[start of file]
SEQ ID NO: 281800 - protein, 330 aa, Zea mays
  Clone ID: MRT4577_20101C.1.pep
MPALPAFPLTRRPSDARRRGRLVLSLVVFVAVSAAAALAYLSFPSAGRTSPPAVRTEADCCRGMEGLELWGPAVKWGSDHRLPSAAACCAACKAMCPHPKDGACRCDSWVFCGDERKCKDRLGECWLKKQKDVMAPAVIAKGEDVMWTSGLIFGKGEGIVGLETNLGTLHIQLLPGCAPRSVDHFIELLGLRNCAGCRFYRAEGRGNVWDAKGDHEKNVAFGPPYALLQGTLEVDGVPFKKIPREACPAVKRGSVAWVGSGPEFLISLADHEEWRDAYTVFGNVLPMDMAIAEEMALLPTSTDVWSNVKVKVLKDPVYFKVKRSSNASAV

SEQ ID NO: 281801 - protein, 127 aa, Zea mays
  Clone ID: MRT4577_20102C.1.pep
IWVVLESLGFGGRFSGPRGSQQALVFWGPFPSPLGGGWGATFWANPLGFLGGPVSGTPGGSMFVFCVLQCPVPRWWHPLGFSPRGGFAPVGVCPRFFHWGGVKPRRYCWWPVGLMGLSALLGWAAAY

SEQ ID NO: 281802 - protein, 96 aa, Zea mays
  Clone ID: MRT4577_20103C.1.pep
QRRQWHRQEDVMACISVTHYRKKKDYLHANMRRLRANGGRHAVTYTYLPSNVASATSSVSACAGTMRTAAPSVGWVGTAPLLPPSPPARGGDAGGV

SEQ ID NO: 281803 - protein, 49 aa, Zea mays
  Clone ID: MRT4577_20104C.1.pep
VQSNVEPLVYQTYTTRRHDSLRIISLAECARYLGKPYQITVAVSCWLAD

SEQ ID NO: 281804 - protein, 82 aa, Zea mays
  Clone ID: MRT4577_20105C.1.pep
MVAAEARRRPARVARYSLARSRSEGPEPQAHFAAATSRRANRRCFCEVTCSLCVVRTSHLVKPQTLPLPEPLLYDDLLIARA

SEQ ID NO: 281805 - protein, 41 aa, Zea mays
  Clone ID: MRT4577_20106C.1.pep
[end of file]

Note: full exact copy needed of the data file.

SEQ ID NO: 281800 - protein, 330 aa, Zea mays
  Clone ID: MRT4577_20101C.1.pep
MPALPAFPLTRRPSDARRRGRLVLSLVVFVAVSAAAALAYLSFPSAGRTSPPAVRTEADCCRGMEGLELWGPAVKWGSDHRLPSAAACCAACKAMCPHPKDGACRCDSWVFCGDERKCKDRLGECWLKKQKDVMAPAVIAKGEDVMWTSGLIFGKGEGIVGLETNLGTLHIQLLPGCAPRSVDHFIELLGLRNCAGCRFYRAEGRGNVWDAKGDHEKNVAFGPPYALLQGTLEVDGVPFKKIPREACPAVKRGSVAWVGSGPEFLISLADHEEWRDAYTVFGNVLPMDMAIAEEMALLPTSTDVWSNVKVKVLKDPVYFKVKRSSNASAV

SEQ ID NO: 281801 - protein, 127 aa, Zea mays
  Clone ID: MRT4577_20102C.1.pep
IWVVLESLGFGGRFSGPRGSQQALVFWGPFPSPLGGGWGATFWANPLGFLGGPVSGTPGGSMFVFCVLQCPVPRWWHPLGFSPRGGFAPVGVCPRFFHWGGVKPRRYCWWPVGLMGLSALLGWAAAY

SEQ ID NO: 281802 - protein, 96 aa, Zea mays
  Clone ID: MRT4577_20103C.1.pep
QRRQWHRQEDVMACISVTHYRKKKDYLHANMRRLRANGGRHAVTYTYLPSNVASATSSVSACAGTMRTAAPSVGWVGTAPLLPPSPPARGGDAGGV

SEQ ID NO: 281803 - protein, 49 aa, Zea mays
  Clone ID: MRT4577_20104C.1.pep
VQSNVEPLVYQTYTTRRHDSLRIISLAECARYLGKPYQITVAVSCWLAD

SEQ ID NO: 281804 - protein, 82 aa, Zea mays
  Clone ID: MRT4577_20105C.1.pep
MVAAEARRRPARVARYSLARSRSEGPEPQAHFAAATSRRANRRCFCEVTCSLCVVRTSHLVKPQTLPLPEPLLYDDLLIARA

SEQ ID NO: 281805 - protein, 41 aa, Zea mays
  Clone ID: MRT4577_20106C.1.pep